An interview with Mark Slade

meOur featured author for episode 113 of the podcast is Mark Slade. Here is what Mark had to say about his work and what draws him to the horror genre:

 

 

 

When did you start writing?

I was 14.Iwrote a story after watching a movie on Elvira and quickly realized how bad that was compared to The Twilight Zone, Hammer films and Alfred Hitchcock Presents that I had been watching. I thought I could do better than that movie on Elvira. actually, I was wrong.  I wrote for years then stopped in my late twenties. I picked it up again at age 41 after a friend urged me to.

What kind of stories do you like to write?

Mostly I like to write stories with surprise endings. I love doing Twilight Zone type stories which is actually a huge canvas with fantasy,horror, and sf. I’ve always tried to find a good bridge between stories in the style of my fav writers like Ray Bradbury, Richard Matheson, Robert Bloch, Joe Lansdale, Dennis Etchison,  and Clive Barker along with influences from Tennessee Williams, Truman Capote,  and too many to list. Robert E. Howard has been a great influence as well, and I love Manly Wade Wellman and John Collier! no one ever talks about Collier. It’s a shame, he was really good.

Could you tell us where we might read some of your work?

Horrified Press has published a lot of my stories in their anthologies. They published my weird/western “A Six-Gun and the Queen of Light.” I have a book published by Sunbury Press called Electric Funeral. and some audio dramas I wrote for 4077th/all better audio productions. I have to thank Jeff Niles and Viktor Auralis for giving me the chance to write scripts for their audio dramas. I’m having a blast doing it.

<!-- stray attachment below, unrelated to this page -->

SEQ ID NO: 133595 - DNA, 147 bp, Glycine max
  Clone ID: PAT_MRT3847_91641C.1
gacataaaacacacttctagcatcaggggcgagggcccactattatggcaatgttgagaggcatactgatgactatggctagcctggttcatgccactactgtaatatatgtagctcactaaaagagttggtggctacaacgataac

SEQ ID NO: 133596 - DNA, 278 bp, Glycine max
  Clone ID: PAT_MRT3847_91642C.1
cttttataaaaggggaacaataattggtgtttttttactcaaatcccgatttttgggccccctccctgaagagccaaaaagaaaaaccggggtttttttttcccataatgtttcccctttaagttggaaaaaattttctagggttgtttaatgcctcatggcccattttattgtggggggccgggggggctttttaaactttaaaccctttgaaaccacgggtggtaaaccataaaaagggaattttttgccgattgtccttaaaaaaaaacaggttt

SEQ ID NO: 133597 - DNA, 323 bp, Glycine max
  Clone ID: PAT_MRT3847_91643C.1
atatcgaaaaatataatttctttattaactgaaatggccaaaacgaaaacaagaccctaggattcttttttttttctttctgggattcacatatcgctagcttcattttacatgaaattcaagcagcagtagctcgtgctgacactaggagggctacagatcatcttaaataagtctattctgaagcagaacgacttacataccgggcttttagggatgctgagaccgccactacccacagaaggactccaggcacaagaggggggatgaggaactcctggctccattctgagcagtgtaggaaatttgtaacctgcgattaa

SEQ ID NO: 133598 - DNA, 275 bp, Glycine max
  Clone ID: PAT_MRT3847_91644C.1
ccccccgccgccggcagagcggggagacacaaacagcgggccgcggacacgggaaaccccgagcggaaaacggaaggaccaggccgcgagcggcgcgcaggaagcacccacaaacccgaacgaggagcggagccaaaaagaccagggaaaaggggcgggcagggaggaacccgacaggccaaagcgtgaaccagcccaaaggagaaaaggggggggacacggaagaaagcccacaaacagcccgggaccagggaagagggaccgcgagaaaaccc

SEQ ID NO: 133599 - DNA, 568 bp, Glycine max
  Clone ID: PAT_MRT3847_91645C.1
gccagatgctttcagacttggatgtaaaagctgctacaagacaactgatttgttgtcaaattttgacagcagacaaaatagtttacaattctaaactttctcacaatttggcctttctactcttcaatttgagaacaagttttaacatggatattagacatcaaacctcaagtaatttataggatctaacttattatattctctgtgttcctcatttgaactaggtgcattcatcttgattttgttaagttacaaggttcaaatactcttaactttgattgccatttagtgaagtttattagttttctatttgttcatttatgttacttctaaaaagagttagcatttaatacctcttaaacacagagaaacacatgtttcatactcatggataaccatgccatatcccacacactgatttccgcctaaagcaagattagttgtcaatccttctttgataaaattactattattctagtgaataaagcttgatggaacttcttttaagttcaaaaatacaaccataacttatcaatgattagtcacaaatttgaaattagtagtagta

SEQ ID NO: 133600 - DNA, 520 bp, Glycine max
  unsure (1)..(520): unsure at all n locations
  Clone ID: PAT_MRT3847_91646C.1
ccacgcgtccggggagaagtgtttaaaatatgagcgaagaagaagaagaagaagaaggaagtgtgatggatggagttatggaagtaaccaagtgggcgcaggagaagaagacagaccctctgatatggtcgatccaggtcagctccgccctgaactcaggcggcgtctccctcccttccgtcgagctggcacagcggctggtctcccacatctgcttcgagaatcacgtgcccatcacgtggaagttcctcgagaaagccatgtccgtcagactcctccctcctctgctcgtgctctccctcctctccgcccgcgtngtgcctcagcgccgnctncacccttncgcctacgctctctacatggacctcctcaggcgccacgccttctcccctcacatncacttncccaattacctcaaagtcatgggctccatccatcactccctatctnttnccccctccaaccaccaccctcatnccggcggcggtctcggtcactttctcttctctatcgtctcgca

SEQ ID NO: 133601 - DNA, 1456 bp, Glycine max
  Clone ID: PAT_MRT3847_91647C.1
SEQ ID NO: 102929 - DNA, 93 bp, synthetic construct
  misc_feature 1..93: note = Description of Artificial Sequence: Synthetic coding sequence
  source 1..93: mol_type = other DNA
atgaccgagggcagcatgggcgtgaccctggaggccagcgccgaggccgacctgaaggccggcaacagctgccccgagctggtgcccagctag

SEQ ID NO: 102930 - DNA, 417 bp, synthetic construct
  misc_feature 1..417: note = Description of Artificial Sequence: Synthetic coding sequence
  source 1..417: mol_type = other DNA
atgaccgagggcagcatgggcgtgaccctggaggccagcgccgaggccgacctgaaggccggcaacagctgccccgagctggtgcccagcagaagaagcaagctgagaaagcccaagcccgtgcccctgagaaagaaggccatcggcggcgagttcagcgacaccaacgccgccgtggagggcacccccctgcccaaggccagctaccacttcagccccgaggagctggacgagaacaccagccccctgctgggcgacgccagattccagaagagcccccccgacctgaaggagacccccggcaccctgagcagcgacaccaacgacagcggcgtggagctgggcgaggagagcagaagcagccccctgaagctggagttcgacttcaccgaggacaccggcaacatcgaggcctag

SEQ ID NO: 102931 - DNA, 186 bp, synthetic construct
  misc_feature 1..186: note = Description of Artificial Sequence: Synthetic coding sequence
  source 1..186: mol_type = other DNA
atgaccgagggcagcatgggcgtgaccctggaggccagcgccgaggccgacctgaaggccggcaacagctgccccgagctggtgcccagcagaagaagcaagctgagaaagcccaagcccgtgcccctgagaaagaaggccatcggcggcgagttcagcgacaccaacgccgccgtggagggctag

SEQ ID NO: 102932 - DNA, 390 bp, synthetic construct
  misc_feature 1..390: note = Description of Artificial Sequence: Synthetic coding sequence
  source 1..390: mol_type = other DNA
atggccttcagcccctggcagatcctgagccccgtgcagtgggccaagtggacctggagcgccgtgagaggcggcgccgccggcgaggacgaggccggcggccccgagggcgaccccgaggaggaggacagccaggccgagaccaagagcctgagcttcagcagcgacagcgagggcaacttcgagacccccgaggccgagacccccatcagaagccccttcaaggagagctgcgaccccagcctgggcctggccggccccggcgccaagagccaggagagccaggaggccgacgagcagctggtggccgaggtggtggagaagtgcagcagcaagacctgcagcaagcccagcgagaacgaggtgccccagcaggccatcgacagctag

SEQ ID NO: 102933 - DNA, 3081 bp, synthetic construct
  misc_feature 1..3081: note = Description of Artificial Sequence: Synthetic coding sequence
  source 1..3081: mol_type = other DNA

I’m also in Demonic Visions anthologies edited and published by Chris Robertson. I also write a column called FROM THE GRAVE for Horror Metal Sounds website, run by Kenneth Gallant. Kenneth is hoping to transition to print soon. I get to look back on old favs from horror and underground categories. Maybe one day collect all of those articles in book form.
Could you tell us about Nightmare Illustrated magazine?22529373
Unfortunately NI is over with. It never really took off. It was meant to be in the style of EC comics what they called picto-fiction. It was hard to explain to artists how to do that, so I gave up and accepted what art I could get for the stories. some issues are better than others. I think issue 2 is the best. But we got to involve some good writers and artists. Got to have interviews with Joe Lansdale and a few others.
BIZZARE VOL 1
Could you tell us about your story in Bizarre Fantasy?
Bizarre fantasy is a comic book anthology edited with Gavin Chappell. in the same vein as Heavy Metal Magazine. got a lot of great art and some cool stories. That’s one thing I have to hand it to Nathan Rowark and Gavin Chappell. They are really good at giving writers and artists chances to express ideas and start-up projects. They’ve been good friends in these endeavors.
What’s the difference between writing a story that would be considered bizarre fiction as opposed to other genres?
I really couldn’t tell you. It’s all genre oriented aimed at those who like pulpy type of fiction. Really it’s more a name for the volumes coming out.
What do you like about the horror genre?
The fact that characters experience worst kind of situations and make it out changed people. Also that they are gruesome stories. Or funny. Sometimes the weirder the story, the better.
To find out more about Mark Slade check out his blog: http://bloodydreadful.blogspot.com/

Review: Laugh To Death and Bizarre Fantasy

With the topic of episode 113 of horror addicts being Bizarro fiction I’ve got a couple of works of literature that are not your average reads:

23646976Salero was born into a family of circus performers. They were all acrobats but Salero decided to go against the family’s wishes and become a clown. Salero worked hard and he won the respect of his family and several awards for being a clown. He joined a traveling circus that’s on a tour of America and he is the star of the show, but he doesn’t fit in with the rest of the performers.